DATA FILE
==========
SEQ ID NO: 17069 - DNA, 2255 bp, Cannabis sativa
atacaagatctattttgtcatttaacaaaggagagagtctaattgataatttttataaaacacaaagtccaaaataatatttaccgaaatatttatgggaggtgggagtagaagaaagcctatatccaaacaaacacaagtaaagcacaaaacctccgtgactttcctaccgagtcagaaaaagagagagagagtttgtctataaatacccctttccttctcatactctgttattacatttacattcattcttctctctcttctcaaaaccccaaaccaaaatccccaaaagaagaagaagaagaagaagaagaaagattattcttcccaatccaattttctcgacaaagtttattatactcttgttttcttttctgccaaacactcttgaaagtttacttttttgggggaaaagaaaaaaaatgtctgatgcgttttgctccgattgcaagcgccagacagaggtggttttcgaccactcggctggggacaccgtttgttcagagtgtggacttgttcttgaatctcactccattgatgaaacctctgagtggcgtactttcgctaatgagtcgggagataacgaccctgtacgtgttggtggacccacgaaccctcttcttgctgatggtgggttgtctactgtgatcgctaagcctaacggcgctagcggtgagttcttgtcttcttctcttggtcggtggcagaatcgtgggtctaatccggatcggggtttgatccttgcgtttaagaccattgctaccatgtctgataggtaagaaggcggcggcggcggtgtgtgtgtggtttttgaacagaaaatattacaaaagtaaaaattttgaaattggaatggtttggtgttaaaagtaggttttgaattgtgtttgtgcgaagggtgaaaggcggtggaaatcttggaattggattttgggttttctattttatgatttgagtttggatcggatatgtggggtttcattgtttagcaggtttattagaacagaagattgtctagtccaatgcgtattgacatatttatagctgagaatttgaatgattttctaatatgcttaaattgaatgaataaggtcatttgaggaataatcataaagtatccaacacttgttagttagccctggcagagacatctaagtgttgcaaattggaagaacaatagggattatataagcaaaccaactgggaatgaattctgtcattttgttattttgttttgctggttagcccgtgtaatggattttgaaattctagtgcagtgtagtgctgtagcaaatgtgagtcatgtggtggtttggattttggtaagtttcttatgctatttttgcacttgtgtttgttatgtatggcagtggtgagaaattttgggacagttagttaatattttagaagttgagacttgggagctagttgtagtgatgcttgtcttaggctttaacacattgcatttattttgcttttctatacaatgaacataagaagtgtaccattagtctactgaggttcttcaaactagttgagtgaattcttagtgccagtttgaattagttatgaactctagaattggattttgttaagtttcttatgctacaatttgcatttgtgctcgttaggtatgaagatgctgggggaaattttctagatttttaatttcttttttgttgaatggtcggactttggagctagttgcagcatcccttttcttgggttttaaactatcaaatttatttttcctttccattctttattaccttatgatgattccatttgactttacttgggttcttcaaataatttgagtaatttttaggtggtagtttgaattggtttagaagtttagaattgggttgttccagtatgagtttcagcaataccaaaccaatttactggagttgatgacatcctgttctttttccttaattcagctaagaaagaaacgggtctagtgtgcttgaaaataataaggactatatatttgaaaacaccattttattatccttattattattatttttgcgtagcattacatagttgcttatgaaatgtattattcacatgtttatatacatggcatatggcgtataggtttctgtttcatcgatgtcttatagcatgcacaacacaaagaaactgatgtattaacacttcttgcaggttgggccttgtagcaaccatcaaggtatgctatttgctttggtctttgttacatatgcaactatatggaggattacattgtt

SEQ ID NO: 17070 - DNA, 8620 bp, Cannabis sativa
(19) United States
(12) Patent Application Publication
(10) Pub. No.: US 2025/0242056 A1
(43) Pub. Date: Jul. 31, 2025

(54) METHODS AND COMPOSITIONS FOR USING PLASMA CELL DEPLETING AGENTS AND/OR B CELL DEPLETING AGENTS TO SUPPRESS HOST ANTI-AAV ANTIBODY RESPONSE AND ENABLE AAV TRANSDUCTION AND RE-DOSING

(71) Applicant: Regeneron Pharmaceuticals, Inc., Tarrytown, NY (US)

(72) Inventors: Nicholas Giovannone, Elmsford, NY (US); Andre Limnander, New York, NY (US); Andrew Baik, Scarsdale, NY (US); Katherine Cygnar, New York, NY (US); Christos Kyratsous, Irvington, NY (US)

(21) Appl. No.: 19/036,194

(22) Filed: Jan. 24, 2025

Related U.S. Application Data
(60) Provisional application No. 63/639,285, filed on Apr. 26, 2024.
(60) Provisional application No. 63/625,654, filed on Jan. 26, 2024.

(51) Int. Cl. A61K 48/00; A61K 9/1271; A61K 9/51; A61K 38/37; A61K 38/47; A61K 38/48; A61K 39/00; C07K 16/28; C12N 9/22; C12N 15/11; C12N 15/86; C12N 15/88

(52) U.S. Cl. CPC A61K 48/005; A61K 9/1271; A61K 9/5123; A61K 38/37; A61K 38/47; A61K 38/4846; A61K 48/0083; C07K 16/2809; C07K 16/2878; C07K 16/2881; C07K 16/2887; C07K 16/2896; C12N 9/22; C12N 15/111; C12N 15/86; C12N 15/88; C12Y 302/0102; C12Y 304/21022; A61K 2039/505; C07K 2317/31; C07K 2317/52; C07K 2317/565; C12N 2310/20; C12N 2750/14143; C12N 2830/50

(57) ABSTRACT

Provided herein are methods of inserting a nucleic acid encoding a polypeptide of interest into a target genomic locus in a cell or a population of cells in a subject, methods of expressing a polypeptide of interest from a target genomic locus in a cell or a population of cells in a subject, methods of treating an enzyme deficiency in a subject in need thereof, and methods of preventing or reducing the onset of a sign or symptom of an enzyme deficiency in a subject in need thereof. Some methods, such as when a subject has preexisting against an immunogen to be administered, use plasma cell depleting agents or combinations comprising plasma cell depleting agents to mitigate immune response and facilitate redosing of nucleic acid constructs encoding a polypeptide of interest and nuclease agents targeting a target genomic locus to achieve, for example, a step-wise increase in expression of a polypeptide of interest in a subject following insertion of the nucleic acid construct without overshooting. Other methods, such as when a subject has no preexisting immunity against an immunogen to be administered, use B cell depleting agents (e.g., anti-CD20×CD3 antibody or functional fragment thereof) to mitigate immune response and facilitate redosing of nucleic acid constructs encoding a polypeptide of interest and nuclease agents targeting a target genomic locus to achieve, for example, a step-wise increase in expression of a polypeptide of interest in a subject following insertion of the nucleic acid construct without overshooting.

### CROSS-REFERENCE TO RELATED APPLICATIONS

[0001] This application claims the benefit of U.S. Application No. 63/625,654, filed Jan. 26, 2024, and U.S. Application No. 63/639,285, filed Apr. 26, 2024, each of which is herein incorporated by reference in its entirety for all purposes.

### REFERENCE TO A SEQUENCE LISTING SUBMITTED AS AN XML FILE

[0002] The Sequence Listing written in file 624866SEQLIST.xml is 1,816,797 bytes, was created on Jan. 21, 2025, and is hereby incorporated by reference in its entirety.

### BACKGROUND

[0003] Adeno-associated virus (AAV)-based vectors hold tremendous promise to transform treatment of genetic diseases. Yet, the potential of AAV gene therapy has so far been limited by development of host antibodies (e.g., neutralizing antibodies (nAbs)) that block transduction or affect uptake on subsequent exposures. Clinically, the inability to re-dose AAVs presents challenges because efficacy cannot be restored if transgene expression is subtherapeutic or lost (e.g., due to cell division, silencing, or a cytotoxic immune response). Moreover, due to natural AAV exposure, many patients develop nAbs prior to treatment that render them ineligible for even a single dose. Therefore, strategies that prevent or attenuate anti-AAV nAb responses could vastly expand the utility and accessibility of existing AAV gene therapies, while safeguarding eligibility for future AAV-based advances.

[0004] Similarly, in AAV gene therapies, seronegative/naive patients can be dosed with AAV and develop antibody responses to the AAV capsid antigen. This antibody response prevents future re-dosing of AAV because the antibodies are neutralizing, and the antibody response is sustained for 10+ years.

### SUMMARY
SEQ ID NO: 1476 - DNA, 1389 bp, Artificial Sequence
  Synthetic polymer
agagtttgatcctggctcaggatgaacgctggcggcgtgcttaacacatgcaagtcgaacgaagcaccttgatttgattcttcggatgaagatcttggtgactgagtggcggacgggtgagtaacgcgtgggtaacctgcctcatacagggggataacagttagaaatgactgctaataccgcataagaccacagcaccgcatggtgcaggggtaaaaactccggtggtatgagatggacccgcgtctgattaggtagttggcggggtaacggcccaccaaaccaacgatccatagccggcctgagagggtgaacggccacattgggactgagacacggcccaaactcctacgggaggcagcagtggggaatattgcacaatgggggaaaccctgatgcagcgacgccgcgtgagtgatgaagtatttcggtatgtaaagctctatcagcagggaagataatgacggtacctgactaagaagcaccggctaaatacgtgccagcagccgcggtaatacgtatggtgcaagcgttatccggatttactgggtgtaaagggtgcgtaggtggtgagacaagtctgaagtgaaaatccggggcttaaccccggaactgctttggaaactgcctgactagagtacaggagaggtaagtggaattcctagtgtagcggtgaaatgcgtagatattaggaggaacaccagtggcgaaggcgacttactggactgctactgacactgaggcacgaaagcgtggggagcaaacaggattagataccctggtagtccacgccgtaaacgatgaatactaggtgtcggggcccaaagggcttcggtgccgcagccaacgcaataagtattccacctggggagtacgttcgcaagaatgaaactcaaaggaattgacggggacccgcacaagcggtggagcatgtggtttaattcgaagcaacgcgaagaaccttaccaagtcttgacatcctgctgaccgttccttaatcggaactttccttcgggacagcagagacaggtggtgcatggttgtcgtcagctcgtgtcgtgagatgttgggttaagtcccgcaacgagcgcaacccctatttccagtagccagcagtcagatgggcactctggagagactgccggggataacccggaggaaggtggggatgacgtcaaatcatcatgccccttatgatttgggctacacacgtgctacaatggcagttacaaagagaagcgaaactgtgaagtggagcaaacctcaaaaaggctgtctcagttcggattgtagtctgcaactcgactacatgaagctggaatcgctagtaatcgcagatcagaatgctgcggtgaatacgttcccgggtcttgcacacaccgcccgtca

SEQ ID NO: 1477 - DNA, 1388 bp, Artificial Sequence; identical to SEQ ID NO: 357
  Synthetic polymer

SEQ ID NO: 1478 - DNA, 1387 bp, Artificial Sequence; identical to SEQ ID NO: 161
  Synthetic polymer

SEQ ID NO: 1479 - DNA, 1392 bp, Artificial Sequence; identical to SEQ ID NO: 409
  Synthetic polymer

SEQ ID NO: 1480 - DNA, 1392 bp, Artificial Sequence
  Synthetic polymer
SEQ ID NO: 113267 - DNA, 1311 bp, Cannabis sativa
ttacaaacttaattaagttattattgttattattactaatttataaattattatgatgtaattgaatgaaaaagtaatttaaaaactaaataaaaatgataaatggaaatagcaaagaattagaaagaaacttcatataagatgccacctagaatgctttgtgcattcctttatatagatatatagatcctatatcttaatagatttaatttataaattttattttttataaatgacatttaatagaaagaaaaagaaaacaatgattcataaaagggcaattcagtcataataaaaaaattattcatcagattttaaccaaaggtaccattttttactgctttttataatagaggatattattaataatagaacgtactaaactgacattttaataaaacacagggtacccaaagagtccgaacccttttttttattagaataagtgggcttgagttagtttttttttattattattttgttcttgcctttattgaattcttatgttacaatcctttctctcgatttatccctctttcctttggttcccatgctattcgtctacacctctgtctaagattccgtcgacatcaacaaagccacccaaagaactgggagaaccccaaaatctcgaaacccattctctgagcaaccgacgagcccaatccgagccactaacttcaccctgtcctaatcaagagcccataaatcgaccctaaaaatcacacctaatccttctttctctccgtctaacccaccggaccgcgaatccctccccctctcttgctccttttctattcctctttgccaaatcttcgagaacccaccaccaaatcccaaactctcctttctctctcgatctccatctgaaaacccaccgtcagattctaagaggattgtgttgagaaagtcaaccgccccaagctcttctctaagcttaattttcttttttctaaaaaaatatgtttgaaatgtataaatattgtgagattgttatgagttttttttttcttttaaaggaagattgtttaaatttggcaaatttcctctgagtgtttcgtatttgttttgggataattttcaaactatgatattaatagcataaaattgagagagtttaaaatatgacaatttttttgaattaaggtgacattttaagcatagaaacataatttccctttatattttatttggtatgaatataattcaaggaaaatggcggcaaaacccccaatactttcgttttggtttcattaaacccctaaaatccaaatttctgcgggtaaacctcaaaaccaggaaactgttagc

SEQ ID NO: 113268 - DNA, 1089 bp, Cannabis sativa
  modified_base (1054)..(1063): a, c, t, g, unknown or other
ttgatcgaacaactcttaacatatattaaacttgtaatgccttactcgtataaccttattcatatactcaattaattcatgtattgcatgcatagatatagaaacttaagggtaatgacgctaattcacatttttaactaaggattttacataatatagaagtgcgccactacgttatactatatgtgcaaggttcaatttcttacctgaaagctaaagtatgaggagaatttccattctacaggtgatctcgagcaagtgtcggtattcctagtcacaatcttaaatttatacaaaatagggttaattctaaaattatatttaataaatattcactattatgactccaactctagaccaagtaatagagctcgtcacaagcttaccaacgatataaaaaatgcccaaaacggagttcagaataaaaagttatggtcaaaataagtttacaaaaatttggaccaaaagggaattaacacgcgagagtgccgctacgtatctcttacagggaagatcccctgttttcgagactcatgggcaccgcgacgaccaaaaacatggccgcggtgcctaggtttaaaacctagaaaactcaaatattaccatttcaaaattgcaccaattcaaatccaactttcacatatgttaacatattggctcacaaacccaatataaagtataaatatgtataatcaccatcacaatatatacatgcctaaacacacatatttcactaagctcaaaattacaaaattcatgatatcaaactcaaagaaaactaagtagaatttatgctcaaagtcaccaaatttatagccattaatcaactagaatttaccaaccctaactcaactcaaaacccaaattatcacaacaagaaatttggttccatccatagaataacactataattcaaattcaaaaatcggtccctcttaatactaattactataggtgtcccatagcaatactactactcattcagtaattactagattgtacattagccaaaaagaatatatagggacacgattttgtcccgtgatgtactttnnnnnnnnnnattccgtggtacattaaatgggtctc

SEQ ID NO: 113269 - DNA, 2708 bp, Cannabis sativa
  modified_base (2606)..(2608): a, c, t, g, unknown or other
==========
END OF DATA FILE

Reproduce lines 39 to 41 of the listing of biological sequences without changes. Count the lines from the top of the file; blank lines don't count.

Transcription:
SEQ ID NO: 113267 - DNA, 1311 bp, Cannabis sativa
ttacaaacttaattaagttattattgttattattactaatttataaattattatgatgtaattgaatgaaaaagtaatttaaaaactaaataaaaatgataaatggaaatagcaaagaattagaaagaaacttcatataagatgccacctagaatgctttgtgcattcctttatatagatatatagatcctatatcttaatagatttaatttataaattttattttttataaatgacatttaatagaaagaaaaagaaaacaatgattcataaaagggcaattcagtcataataaaaaaattattcatcagattttaaccaaaggtaccattttttactgctttttataatagaggatattattaataatagaacgtactaaactgacattttaataaaacacagggtacccaaagagtccgaacccttttttttattagaataagtgggcttgagttagtttttttttattattattttgttcttgcctttattgaattcttatgttacaatcctttctctcgatttatccctctttcctttggttcccatgctattcgtctacacctctgtctaagattccgtcgacatcaacaaagccacccaaagaactgggagaaccccaaaatctcgaaacccattctctgagcaaccgacgagcccaatccgagccactaacttcaccctgtcctaatcaagagcccataaatcgaccctaaaaatcacacctaatccttctttctctccgtctaacccaccggaccgcgaatccctccccctctcttgctccttttctattcctctttgccaaatcttcgagaacccaccaccaaatcccaaactctcctttctctctcgatctccatctgaaaacccaccgtcagattctaagaggattgtgttgagaaagtcaaccgccccaagctcttctctaagcttaattttcttttttctaaaaaaatatgtttgaaatgtataaatattgtgagattgttatgagttttttttttcttttaaaggaagattgtttaaatttggcaaatttcctctgagtgtttcgtatttgttttgggataattttcaaactatgatattaatagcataaaattgagagagtttaaaatatgacaatttttttgaattaaggtgacattttaagcatagaaacataatttccctttatattttatttggtatgaatataattcaaggaaaatggcggcaaaacccccaatactttcgttttggtttcattaaacccctaaaatccaaatttctgcgggtaaacctcaaaaccaggaaactgttagc

SEQ ID NO: 113268 - DNA, 1089 bp, Cannabis sativa